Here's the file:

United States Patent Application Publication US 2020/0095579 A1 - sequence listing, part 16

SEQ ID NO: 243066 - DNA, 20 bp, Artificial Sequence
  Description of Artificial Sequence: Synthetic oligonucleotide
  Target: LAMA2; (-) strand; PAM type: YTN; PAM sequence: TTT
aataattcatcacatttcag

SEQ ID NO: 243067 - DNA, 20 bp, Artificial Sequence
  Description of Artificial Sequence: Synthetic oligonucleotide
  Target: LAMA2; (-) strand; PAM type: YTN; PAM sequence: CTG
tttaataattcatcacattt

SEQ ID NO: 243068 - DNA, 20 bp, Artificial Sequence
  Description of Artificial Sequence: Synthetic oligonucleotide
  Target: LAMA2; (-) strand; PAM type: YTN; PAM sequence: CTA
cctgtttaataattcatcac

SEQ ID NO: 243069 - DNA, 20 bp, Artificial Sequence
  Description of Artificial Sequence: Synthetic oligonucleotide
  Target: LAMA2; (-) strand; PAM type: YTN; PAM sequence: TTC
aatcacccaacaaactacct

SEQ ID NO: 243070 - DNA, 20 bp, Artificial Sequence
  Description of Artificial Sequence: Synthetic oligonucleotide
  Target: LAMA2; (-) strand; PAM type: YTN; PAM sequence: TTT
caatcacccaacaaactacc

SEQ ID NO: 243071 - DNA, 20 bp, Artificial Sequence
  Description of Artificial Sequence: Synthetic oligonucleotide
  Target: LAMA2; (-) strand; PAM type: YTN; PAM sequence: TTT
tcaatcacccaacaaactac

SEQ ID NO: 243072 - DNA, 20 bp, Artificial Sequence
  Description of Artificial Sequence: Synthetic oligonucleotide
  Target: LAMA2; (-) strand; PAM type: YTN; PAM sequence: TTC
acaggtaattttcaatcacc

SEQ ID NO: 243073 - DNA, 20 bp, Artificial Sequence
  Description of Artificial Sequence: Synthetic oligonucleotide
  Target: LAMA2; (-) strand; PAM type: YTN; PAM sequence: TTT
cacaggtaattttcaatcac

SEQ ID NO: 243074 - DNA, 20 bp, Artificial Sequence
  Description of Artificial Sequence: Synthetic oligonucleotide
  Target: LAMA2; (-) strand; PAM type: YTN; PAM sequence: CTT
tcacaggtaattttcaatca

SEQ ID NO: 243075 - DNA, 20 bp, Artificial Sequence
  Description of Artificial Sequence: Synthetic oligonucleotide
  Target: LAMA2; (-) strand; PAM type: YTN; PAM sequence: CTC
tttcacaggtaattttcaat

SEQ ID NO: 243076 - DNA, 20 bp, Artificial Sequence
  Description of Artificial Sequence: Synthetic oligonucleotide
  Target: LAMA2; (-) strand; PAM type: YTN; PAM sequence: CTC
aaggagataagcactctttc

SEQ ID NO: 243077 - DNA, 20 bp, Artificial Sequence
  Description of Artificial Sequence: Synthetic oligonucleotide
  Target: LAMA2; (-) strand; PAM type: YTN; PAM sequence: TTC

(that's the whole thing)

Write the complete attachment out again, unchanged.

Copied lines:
United States Patent Application Publication US 2020/0095579 A1 - sequence listing, part 16

SEQ ID NO: 243066 - DNA, 20 bp, Artificial Sequence
  Description of Artificial Sequence: Synthetic oligonucleotide
  Target: LAMA2; (-) strand; PAM type: YTN; PAM sequence: TTT
aataattcatcacatttcag

SEQ ID NO: 243067 - DNA, 20 bp, Artificial Sequence
  Description of Artificial Sequence: Synthetic oligonucleotide
  Target: LAMA2; (-) strand; PAM type: YTN; PAM sequence: CTG
tttaataattcatcacattt

SEQ ID NO: 243068 - DNA, 20 bp, Artificial Sequence
  Description of Artificial Sequence: Synthetic oligonucleotide
  Target: LAMA2; (-) strand; PAM type: YTN; PAM sequence: CTA
cctgtttaataattcatcac

SEQ ID NO: 243069 - DNA, 20 bp, Artificial Sequence
  Description of Artificial Sequence: Synthetic oligonucleotide
  Target: LAMA2; (-) strand; PAM type: YTN; PAM sequence: TTC
aatcacccaacaaactacct

SEQ ID NO: 243070 - DNA, 20 bp, Artificial Sequence
  Description of Artificial Sequence: Synthetic oligonucleotide
  Target: LAMA2; (-) strand; PAM type: YTN; PAM sequence: TTT
caatcacccaacaaactacc

SEQ ID NO: 243071 - DNA, 20 bp, Artificial Sequence
  Description of Artificial Sequence: Synthetic oligonucleotide
  Target: LAMA2; (-) strand; PAM type: YTN; PAM sequence: TTT
tcaatcacccaacaaactac

SEQ ID NO: 243072 - DNA, 20 bp, Artificial Sequence
  Description of Artificial Sequence: Synthetic oligonucleotide
  Target: LAMA2; (-) strand; PAM type: YTN; PAM sequence: TTC
acaggtaattttcaatcacc

SEQ ID NO: 243073 - DNA, 20 bp, Artificial Sequence
  Description of Artificial Sequence: Synthetic oligonucleotide
  Target: LAMA2; (-) strand; PAM type: YTN; PAM sequence: TTT
cacaggtaattttcaatcac

SEQ ID NO: 243074 - DNA, 20 bp, Artificial Sequence
  Description of Artificial Sequence: Synthetic oligonucleotide
  Target: LAMA2; (-) strand; PAM type: YTN; PAM sequence: CTT
tcacaggtaattttcaatca

SEQ ID NO: 243075 - DNA, 20 bp, Artificial Sequence
  Description of Artificial Sequence: Synthetic oligonucleotide
  Target: LAMA2; (-) strand; PAM type: YTN; PAM sequence: CTC
tttcacaggtaattttcaat

SEQ ID NO: 243076 - DNA, 20 bp, Artificial Sequence
  Description of Artificial Sequence: Synthetic oligonucleotide
  Target: LAMA2; (-) strand; PAM type: YTN; PAM sequence: CTC
aaggagataagcactctttc

SEQ ID NO: 243077 - DNA, 20 bp, Artificial Sequence
  Description of Artificial Sequence: Synthetic oligonucleotide
  Target: LAMA2; (-) strand; PAM type: YTN; PAM sequence: TTC